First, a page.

Last month Disney revealed it was developing an animated film called the “Frog Princess.” For the first time in history, the company is to debut a black princess as the main character.
On one hand, it seems this is a pseudo-social feat. But on the other hand, I can’t help wonder what took so long. Growing up, the closest thing I had to a black princess was Brandy in Rodgers & Hammerstein’s “Cinderella.”
For years I’ve watched Disney films featuring white royalty and have never felt there has been an accurate representation of blacks. Not even in an animated film.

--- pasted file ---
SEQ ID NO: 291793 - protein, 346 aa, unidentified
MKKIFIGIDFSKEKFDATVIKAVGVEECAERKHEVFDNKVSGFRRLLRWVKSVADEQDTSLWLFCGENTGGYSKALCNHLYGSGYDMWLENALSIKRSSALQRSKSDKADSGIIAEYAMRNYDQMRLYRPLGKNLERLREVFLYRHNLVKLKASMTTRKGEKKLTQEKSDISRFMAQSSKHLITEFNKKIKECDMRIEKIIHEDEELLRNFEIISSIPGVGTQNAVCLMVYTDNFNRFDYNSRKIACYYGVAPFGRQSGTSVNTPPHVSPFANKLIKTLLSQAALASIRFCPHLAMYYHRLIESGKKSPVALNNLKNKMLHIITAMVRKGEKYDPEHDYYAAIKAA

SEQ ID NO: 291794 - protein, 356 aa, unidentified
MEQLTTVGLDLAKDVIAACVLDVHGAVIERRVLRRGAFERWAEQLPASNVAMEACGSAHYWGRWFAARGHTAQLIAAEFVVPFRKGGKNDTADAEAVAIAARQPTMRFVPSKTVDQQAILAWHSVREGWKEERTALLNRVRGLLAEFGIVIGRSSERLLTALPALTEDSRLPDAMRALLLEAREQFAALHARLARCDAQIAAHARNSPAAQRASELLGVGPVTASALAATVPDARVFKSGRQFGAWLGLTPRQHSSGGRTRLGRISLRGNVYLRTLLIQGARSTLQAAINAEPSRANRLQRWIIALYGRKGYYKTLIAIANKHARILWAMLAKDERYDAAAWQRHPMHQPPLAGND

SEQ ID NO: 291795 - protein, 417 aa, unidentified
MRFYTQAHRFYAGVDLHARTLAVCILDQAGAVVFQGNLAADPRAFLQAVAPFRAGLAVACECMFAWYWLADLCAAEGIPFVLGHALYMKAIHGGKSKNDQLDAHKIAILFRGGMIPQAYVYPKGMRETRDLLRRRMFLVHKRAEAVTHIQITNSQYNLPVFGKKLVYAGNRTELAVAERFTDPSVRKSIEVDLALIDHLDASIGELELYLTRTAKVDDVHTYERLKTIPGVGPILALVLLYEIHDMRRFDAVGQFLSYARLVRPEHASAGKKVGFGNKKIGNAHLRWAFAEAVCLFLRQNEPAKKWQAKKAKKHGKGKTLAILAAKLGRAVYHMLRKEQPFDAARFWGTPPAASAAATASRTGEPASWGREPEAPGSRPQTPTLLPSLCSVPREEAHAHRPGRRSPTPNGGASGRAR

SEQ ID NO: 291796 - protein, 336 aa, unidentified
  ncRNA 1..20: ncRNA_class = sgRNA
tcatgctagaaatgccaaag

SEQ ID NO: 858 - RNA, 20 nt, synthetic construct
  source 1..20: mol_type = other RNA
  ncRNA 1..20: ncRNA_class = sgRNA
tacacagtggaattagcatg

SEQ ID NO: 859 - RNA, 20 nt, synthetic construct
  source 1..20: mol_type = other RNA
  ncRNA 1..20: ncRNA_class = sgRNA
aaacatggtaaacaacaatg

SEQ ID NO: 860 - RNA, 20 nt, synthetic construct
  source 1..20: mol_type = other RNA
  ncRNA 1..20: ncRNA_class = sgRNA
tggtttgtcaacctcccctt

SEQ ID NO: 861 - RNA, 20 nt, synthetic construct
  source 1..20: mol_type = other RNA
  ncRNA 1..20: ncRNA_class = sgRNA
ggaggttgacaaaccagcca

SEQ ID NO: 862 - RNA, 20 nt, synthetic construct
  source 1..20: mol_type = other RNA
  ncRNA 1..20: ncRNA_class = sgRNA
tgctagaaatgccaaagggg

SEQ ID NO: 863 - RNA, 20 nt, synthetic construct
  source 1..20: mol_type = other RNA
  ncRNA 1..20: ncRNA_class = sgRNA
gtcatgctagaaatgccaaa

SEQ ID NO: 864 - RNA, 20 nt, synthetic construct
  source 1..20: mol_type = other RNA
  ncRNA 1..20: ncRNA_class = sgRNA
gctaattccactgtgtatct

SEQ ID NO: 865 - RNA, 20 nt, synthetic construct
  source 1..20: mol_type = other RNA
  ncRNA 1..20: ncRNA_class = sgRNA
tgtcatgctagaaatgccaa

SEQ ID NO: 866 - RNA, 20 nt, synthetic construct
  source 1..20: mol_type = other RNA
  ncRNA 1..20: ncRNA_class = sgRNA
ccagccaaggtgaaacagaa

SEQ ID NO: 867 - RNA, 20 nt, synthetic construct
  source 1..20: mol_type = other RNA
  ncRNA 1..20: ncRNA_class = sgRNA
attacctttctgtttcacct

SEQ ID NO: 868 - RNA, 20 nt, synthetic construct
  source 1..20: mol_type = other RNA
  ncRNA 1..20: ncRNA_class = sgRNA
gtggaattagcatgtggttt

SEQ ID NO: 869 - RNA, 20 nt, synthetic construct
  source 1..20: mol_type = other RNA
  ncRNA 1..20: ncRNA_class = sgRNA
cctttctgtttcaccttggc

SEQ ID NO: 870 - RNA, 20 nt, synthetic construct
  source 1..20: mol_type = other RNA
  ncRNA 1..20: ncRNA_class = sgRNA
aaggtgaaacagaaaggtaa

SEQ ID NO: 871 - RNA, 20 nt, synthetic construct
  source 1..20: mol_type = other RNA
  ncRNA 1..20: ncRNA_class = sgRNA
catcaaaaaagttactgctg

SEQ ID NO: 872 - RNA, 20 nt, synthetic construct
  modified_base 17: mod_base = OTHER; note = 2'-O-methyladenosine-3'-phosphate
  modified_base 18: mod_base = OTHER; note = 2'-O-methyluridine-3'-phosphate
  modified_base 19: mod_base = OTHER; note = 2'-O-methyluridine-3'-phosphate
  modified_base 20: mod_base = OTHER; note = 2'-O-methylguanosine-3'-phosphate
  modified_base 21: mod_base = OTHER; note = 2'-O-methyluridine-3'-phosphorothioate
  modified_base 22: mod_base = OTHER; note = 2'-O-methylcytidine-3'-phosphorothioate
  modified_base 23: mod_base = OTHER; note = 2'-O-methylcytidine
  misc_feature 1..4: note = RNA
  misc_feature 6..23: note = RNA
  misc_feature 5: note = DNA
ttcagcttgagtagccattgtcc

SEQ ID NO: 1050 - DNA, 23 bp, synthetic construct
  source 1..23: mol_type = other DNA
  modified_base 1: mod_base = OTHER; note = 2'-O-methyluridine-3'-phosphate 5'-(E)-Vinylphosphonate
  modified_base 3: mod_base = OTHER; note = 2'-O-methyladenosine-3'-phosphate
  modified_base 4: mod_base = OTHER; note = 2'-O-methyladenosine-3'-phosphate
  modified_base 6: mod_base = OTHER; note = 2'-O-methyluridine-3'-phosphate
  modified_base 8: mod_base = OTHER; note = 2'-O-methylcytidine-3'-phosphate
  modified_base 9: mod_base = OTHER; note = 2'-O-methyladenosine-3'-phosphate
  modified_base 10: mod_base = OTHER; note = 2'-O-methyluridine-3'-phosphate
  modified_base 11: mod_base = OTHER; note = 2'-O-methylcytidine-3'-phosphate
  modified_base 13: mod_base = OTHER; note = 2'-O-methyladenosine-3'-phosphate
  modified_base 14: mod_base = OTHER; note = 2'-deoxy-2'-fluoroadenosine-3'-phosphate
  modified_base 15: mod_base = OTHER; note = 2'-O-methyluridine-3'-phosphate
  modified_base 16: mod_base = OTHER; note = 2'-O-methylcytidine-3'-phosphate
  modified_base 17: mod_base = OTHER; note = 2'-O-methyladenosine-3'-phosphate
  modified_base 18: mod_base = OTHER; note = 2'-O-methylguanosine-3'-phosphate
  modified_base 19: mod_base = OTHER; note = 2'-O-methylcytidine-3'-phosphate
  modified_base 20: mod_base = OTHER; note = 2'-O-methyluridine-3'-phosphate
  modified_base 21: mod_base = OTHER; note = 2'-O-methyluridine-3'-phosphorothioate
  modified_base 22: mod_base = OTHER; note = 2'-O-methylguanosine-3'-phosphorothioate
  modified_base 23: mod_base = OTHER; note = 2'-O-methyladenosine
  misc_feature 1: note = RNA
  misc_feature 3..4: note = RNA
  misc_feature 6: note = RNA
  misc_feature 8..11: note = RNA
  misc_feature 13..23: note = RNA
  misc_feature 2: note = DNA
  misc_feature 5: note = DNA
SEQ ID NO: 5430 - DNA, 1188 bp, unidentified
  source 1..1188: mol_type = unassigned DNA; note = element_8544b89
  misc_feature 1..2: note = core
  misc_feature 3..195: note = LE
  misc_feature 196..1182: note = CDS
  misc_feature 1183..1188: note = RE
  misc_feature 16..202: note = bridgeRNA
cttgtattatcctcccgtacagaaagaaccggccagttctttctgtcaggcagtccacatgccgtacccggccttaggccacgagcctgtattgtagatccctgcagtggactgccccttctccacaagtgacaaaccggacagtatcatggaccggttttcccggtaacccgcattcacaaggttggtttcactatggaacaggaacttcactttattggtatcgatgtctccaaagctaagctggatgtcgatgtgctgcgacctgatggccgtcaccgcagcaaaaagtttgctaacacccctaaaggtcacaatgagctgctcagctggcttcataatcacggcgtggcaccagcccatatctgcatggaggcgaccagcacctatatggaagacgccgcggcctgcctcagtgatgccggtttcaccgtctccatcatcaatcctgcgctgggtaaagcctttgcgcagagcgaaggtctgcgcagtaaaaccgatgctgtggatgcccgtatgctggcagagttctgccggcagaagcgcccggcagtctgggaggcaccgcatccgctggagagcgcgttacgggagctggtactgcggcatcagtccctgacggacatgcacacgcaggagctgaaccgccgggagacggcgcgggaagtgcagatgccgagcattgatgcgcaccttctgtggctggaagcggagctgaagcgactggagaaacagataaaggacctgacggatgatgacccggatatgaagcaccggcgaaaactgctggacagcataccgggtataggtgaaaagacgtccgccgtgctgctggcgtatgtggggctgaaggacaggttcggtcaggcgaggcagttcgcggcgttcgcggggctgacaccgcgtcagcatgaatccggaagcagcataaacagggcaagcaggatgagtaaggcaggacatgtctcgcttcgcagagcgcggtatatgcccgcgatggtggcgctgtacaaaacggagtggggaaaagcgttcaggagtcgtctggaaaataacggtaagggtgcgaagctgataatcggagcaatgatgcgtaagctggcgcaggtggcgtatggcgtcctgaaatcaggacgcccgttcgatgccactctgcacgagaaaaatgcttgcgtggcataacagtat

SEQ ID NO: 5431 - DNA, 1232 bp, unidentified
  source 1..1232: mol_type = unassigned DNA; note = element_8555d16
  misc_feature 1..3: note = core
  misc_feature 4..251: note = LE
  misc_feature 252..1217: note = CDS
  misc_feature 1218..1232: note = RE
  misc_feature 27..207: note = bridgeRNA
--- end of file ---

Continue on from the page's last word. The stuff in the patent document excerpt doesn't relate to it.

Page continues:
There was Snow White, Cinderella, Belle in “Beauty and the Beast,” Aurora in “Sleeping Beauty” and Ariel from “The Little Mermaid.” But the only ethnic Disney character portrayed as a princess was Jasmine from “Aladdin.” And she wasn’t even the main character.
Might I add that Mulan and Pocahontas were never considered royalty.
Even when Disney finally decided to have a movie in which the storyline was set in Africa and geared toward black audiences, all of the characters were animals.
Indeed, “The Lion King” was a great movie, but at seven years old, there wasn’t much excitement in my pretending to be Nala on the playground.
The Walt Disney Company was founded in 1923. Why did it take 84 years for executives to realize that a black Disney princess is relevant?
Yewande Addie for the Editorial Board.